This project focuses on political orders put in place by rebel movements, their strategies to legitimise their existence and claim to power, and on the extent to which they manage to institutionalise their military power and transform it into political domination. It contributes to the current policy debates on peace- and statebuilding in fragile contexts.
The growing influence of financial markets and institutions on national and international economies has profoundly changed the global commodities trade. This project will follow one single commodity – copper – from the mining pits in one of the major copper producing countries, Zambia, through towns and harbours on African transport corridors to the sites of industrial production and recycling in China. It will examine the effects of the financialisation in copper trading on the local lives and elaborate policy recommendations for Swiss and international regulatory actors.
According to the Food and Agriculture Organization (FAO), low- and middle-income countries (LMICs) in the tropics have the highest annual average application rates of pesticides. So far, only a few studies involving LMICs have examined the interrelation between institutional determinants of pesticide use, actual practices of pesticide applications on small-scale farms, and associated human and environmental health effects. This project will fill this gap and contribute to shaping setting-specific policy recommendations.
To end poverty and hunger, and achieving food security are primary objectives of the Sustainable Development Goals. Limiting food price volatility is one of the central targets. This project will identify the effects of trade policy measures on global food price volatility. It will examine the mechanisms through which global food price volatility is transmitted to the local level and how it affects local food security. The research seeks to identify measures that can operate as “circuit-breakers” in the transmission process and mitigate the adverse effects on local food security.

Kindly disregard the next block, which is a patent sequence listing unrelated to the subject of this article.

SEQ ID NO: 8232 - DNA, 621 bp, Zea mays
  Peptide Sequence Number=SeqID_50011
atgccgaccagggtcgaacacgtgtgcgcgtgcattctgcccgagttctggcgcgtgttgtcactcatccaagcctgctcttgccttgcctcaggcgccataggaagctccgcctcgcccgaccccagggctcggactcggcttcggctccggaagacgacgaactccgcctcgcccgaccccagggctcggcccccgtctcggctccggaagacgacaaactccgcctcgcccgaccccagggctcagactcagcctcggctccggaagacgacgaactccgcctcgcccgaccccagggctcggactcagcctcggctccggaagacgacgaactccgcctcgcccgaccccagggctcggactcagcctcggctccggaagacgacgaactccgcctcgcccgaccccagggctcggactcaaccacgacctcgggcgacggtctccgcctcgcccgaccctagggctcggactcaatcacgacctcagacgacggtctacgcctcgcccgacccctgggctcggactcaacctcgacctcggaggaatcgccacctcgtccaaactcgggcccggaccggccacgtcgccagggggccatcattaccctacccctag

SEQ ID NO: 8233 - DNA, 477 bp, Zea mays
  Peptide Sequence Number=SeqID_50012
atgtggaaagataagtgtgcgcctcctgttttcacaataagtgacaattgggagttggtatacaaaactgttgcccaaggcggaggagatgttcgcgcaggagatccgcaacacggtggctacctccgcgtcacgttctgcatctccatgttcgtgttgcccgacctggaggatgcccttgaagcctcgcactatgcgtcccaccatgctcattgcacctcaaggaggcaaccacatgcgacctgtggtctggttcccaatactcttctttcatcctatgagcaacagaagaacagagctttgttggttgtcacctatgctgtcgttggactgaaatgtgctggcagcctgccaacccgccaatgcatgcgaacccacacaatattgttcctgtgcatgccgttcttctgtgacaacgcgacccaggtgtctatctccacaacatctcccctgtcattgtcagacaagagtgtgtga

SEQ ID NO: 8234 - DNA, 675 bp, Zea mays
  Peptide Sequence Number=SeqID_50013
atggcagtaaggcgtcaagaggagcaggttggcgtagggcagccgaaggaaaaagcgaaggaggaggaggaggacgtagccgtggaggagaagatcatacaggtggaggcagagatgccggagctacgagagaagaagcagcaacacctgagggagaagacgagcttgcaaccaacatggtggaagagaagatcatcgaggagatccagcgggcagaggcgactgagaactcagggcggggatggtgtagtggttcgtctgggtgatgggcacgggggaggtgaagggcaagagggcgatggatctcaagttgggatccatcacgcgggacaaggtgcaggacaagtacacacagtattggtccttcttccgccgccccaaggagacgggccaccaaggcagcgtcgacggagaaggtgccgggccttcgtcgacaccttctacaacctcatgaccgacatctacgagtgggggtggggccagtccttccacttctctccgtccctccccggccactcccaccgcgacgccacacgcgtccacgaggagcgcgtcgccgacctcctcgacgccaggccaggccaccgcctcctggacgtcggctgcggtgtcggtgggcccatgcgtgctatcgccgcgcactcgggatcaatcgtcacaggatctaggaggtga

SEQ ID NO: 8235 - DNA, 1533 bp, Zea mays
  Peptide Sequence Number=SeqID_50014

Persons with disabilities in situations of armed conflict or its aftermath are too often “the forgotten victims of conflict”. Through case studies in the Democratic Republic of Congo, Colombia, Palestine, Ukraine and Vietnam, this project will analyse the legal obligations of states under the international law and explain what laws, policies and practices are required to ensure better protection to persons with disabilities during armed violence.
The current political debate on immigration is characterised by opposing views as to their positive or negative effects on the host countries. While it is widely admitted that migration offers an opportunity for boosting innovation, which is a big economic driver, academic research on the effects of highly skilled immigrants on the host country’s economy is sparse. This project will fill this gap by providing knowledge-based evidence on skilled migrants and their contribution to the host country’s ability to innovate.
Faced with the biggest refugee crisis since the Second World War, European policy makers are struggling with the design of the asylum process and programmes for the integration of refugees. This project will examine how the key policy parameters of the asylum process affect the subsequent short and long-term integration of refugees in four key receiving countries in Europe: Italy, Norway, Sweden, and Switzerland.
Information and Communication Technologies (ICT) are largely considered as contributing to sustainable development. However, ICT have no automatic positive effect but can also empower repressive regimes. The project will provide a systematic and comprehensive analysis of telecommunication and media politics in authoritarian development countries focusing on the influence of foreign investment and sustainable development.